Lenders to Anil Ambani's debt-laden Reliance Home Finance (RHFL) face the likelihood of up to 80 per cent haircuts on their advances, with the top two bidders offering a maximum of 23 per cent on Rs 11,200 crore of outstanding debt.
Financial creditors to RHFL are effectively choosing between Hong Kong-based distressed asset specialist Ares SSG together with its arm Acre ARC and locally listed non-banking finance company (NBFC) Authum Investment and Infrastructure. Both have expressed the willingness to purchase some of RHFL's wholesale loans along with the main mortgage portfolio, people familiar with the process told ET.
Electronic voting on both the plans was opened on May 31 and will end on June 15, according to the current plan. It could be extended up to June 20 in case creditors need more time for internal approvals, a person familiar said.
Yes Bank with 13 per cent of the debt and lead lender Bank of Baroda (BoB) with close to 11 per cent are the top two creditors. State Bank of India (SBI) is third on that list, holding just less than 10 per cent of the debt.
Plans by both bidders accessed by ET showed that while Acre is offering more cash up front, Authum's offer on a net present value (NPV) basis is higher as it has promised to make its deferred payments within one year through non-convertible debentures (NCDs) issued at 8 per cent.
"Authum looks slightly ahead at the moment, though one cannot say since banks are still firming up their decision and there could be more twists in the tale," said a person aware of the negotiations.
The offers on the table are about half of the 40 per cent recovery expected by creditors at the start of the process. All bidders have assumed Rs 863 crore cash on the RHFL's books at the end of June 2020.
The two offers made by Authum include a cash upfront of Rs 1,345 crore with deferred payment of Rs 679 crore through NCDs. Authum is also willing to raise its cash upfront to Rs 1724 crore provided banks are willing to defer up to Rs 300 crore through 8 per cent NCDs or security receipts. Creditors have assigned a recovery value of 22.99 per cent on a NPV basis, higher than the 22.65 per cent they have assigned to Acre's best offer which includes Rs 1714 crore of cash up front and another Rs 23 crore through security receipts, which are typically redeemed only after recovery of loans.
"Commercially speaking, Authum is ahead. Both have offered more cash up front and squeezed the deferred payment timelines in case banks do not want to wait for cash in the future," said a second person aware of the negotiations.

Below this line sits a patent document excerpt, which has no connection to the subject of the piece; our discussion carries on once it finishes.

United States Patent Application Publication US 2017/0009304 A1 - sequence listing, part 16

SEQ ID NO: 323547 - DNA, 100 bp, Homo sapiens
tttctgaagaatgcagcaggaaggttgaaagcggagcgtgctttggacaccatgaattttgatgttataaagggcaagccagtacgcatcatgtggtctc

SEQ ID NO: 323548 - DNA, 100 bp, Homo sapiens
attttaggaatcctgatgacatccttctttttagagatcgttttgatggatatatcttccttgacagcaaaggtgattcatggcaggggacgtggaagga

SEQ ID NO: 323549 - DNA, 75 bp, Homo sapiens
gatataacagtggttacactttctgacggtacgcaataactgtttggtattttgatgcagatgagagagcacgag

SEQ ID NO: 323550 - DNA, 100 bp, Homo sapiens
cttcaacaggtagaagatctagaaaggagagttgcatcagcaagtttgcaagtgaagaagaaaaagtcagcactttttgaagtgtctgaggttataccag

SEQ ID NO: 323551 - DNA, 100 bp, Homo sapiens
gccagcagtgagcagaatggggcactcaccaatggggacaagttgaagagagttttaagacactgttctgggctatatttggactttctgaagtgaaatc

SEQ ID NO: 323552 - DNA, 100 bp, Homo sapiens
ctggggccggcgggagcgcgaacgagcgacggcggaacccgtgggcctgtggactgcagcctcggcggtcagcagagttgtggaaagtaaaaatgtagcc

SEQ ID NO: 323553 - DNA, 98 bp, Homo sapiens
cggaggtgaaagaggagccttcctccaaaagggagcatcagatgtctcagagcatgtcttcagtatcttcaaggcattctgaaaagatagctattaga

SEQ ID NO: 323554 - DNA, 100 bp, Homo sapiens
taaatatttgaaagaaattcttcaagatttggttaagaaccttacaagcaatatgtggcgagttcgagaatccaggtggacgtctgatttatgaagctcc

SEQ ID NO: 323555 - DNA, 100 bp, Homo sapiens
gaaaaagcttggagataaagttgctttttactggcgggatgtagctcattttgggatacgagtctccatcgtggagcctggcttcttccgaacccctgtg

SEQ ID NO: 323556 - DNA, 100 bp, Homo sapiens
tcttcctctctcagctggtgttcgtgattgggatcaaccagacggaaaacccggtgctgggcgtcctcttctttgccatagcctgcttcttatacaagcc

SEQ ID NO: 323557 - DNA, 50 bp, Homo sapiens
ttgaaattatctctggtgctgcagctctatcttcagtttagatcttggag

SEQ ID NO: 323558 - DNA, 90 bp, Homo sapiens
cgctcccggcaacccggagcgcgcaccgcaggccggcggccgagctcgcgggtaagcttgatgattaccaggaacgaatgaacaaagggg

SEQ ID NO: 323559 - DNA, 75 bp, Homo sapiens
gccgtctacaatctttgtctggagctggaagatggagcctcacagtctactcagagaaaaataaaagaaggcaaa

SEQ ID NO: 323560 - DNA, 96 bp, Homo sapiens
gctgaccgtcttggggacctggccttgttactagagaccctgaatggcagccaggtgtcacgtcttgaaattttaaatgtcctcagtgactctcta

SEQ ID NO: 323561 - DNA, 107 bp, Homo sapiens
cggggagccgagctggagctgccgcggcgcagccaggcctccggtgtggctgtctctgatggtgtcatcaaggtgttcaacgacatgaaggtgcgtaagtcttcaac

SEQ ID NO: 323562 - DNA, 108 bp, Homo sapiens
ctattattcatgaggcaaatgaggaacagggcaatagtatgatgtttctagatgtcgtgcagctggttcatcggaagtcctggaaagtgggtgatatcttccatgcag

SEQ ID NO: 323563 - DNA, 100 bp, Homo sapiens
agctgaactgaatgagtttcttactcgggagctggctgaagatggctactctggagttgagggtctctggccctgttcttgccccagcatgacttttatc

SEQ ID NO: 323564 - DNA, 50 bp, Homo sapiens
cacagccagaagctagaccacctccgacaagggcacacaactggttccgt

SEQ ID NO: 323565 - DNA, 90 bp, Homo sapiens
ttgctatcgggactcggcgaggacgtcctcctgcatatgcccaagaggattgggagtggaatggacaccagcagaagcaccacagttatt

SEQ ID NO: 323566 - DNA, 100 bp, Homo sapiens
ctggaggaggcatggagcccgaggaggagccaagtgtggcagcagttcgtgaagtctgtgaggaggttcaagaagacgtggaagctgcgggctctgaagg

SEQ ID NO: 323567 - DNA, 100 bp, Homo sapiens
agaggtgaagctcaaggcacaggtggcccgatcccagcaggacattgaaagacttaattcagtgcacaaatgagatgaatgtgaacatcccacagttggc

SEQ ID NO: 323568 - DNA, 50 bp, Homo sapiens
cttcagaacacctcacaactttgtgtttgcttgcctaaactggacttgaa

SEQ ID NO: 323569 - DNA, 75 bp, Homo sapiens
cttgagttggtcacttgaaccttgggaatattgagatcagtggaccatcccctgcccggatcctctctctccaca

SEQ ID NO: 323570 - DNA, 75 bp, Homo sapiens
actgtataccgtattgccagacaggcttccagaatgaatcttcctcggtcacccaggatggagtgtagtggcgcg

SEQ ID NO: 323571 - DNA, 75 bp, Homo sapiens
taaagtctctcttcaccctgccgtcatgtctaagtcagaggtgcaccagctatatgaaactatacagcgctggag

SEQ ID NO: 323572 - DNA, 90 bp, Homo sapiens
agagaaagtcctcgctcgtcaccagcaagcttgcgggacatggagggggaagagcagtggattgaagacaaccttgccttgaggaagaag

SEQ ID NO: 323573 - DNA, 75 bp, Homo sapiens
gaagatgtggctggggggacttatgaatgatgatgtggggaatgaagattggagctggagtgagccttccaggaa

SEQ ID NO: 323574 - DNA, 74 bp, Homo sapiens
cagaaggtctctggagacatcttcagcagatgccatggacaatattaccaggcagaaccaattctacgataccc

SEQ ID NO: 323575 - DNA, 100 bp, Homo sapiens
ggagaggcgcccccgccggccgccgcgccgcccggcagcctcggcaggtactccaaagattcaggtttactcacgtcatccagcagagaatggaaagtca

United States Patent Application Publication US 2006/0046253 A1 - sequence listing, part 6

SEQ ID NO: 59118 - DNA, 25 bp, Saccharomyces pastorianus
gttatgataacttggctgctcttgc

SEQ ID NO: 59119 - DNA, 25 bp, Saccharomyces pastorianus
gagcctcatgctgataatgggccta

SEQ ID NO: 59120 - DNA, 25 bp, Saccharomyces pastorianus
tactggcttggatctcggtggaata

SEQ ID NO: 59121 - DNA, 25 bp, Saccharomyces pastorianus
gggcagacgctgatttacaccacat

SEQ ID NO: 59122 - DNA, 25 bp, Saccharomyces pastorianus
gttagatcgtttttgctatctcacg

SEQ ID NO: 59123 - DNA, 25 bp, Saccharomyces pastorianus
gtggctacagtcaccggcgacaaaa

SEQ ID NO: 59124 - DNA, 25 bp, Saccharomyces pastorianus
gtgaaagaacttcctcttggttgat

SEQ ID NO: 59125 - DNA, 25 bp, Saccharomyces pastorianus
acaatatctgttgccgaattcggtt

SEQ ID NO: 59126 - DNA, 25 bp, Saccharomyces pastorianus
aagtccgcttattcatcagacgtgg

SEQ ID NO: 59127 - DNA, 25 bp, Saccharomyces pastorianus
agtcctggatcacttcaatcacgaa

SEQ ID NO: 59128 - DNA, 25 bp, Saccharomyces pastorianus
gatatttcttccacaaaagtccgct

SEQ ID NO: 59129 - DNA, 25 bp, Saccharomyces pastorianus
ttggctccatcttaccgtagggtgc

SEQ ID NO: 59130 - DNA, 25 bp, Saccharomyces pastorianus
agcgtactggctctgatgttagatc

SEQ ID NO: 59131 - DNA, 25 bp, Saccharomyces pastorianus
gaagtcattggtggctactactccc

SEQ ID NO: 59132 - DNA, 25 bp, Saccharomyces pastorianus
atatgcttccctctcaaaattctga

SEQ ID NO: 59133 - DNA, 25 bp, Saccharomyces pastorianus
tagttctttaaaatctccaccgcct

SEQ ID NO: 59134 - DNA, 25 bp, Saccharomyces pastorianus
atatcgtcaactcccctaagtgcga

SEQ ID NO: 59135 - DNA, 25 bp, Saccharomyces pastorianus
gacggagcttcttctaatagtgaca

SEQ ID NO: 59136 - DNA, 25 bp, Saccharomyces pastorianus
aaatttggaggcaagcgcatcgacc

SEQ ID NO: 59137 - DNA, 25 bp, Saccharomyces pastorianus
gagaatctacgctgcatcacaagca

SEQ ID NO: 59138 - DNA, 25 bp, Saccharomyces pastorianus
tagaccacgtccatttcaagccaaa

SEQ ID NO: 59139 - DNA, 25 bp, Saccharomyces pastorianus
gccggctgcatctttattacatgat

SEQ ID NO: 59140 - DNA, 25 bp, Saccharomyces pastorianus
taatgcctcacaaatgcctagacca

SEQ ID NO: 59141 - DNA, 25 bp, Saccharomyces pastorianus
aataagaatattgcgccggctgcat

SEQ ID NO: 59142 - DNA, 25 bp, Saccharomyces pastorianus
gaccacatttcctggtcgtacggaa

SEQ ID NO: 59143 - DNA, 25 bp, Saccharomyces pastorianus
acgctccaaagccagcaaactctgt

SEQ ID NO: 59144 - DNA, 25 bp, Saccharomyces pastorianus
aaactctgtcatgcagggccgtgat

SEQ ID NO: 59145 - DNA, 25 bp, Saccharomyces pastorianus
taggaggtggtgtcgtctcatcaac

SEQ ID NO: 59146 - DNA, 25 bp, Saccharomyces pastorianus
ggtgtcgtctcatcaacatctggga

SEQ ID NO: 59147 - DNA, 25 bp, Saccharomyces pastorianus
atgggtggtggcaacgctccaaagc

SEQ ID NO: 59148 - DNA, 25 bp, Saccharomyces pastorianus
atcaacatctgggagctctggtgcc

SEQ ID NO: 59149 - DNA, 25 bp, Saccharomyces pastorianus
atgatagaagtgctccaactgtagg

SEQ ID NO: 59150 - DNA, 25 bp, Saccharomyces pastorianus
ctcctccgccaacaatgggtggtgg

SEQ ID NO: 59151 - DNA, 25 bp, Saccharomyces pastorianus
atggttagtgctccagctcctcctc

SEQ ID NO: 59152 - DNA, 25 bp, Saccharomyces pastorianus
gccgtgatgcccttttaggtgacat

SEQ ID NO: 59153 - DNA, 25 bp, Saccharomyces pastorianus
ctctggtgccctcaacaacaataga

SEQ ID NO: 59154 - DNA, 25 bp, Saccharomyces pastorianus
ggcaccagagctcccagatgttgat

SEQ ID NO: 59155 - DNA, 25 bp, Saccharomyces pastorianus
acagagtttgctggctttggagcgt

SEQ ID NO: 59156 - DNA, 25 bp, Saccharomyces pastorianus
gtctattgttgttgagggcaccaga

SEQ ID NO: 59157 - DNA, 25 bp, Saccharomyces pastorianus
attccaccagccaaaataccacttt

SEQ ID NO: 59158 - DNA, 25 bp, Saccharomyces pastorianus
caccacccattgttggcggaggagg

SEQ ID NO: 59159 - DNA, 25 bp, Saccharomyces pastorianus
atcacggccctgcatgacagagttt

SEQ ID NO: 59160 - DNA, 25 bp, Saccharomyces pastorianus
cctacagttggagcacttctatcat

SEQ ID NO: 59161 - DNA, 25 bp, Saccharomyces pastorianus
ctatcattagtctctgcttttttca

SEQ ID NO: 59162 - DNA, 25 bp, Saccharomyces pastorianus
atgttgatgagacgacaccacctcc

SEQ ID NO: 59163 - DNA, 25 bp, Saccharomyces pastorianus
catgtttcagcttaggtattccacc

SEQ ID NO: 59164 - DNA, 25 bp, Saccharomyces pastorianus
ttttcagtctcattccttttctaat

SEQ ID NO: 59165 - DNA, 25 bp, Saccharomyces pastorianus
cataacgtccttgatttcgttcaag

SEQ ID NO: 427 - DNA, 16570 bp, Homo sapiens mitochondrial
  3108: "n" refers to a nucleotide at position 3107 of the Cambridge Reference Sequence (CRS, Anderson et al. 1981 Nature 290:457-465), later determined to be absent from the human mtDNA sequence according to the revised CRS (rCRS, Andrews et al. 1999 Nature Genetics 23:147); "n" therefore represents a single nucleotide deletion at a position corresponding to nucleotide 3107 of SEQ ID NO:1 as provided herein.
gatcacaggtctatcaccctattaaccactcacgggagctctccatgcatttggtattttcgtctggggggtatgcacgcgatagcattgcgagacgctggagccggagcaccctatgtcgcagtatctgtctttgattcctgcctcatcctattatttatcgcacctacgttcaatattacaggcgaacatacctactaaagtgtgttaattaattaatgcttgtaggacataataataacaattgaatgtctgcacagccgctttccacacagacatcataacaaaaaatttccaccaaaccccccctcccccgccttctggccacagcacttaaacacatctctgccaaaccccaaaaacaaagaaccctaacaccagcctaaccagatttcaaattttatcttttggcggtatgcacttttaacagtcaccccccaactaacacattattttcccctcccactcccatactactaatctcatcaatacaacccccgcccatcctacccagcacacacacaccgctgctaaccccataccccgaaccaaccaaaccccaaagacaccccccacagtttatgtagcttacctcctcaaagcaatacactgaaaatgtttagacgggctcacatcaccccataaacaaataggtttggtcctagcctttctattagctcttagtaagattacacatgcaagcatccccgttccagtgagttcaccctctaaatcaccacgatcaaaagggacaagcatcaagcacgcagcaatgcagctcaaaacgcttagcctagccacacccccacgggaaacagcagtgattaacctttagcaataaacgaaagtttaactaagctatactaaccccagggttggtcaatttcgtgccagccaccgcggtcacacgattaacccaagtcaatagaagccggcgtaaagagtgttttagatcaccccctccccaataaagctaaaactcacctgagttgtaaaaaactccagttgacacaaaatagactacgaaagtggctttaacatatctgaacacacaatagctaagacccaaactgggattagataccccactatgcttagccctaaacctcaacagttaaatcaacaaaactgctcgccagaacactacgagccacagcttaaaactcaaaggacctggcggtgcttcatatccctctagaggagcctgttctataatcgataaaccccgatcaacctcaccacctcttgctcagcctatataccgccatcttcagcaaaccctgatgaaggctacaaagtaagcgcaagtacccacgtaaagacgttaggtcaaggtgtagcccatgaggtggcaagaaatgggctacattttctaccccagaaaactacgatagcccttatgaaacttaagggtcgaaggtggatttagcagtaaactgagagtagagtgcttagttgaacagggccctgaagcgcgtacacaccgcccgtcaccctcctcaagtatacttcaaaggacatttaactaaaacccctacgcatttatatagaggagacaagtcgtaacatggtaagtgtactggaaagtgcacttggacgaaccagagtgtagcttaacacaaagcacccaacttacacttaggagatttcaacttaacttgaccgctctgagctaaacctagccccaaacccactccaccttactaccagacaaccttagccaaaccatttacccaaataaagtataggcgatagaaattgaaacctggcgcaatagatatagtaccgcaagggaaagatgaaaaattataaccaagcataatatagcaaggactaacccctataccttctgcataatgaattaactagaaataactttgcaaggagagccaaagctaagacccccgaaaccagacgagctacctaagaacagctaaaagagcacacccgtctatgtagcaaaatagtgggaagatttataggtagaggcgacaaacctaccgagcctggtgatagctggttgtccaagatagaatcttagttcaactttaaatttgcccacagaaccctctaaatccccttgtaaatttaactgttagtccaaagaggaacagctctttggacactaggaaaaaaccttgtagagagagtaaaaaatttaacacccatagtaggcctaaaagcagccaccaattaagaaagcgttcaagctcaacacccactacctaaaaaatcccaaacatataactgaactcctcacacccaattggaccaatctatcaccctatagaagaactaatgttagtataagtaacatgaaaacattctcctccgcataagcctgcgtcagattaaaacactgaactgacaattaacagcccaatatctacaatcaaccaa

Alpana Dangi-promoted Authum is a non-bank focused on capital markets based in Mumbai. Bankers said it plans to expand its business through this portfolio acquisition.
Its shares ended at Rs 510 a piece up 2 per cent on the BSE on Thursday.
Lenders took time to start the voting process after binding bids were submitted on March 6 because they wanted to finalize the payouts for secured and unsecured creditors and also for retail investors like NCD holders. Some lenders like Yes Bank have a substantial amount of exposure through bonds issued by RHFL and wanted a higher payout for their unsecured exposures.
Banks have now agreed on a 75 per cent payout on secured debt.
Lenders led by BoB also tried to convince Shapoorji Pallonji Group (SPG) to vacate their objection in the disposal of assets of RHFL in a case involving the inter corporate deposits (ICDs) invested by SPG subsidiary Always Remember Properties Pvt Ltd in June 2019 into RHFL, which defaulted in its payment obligations. The case is still in Delhi High Court.
People familiar with the process said two other bidders - Asset Reconstruction Company (India) Ltd (Arcil), in association with its largest shareholder Avenue Capital, and Capri Global - are not in the race as they offered a relatively low value and bid only for the company's retail assets.
The loan book also involves substantial inter corporate loans that are estimated to be two times the advances to builders and home buyers. The company has defaulted on debt of close to Rs 6207 crore and the asset cover had fallen below 100 per cent on outstanding debentures of Rs 5974 crore, RHFL said as part of its March results.
Bidders had to give a Rs 10 crore guarantee to qualify for the process. BoB Capital Markets, the investment banking arm of BoB, and consultancy firm EY are helping lenders with the process. RHFL is among the biggest in Anil Ambani's financial services portfolio, which includes commercial finance and insurance businesses.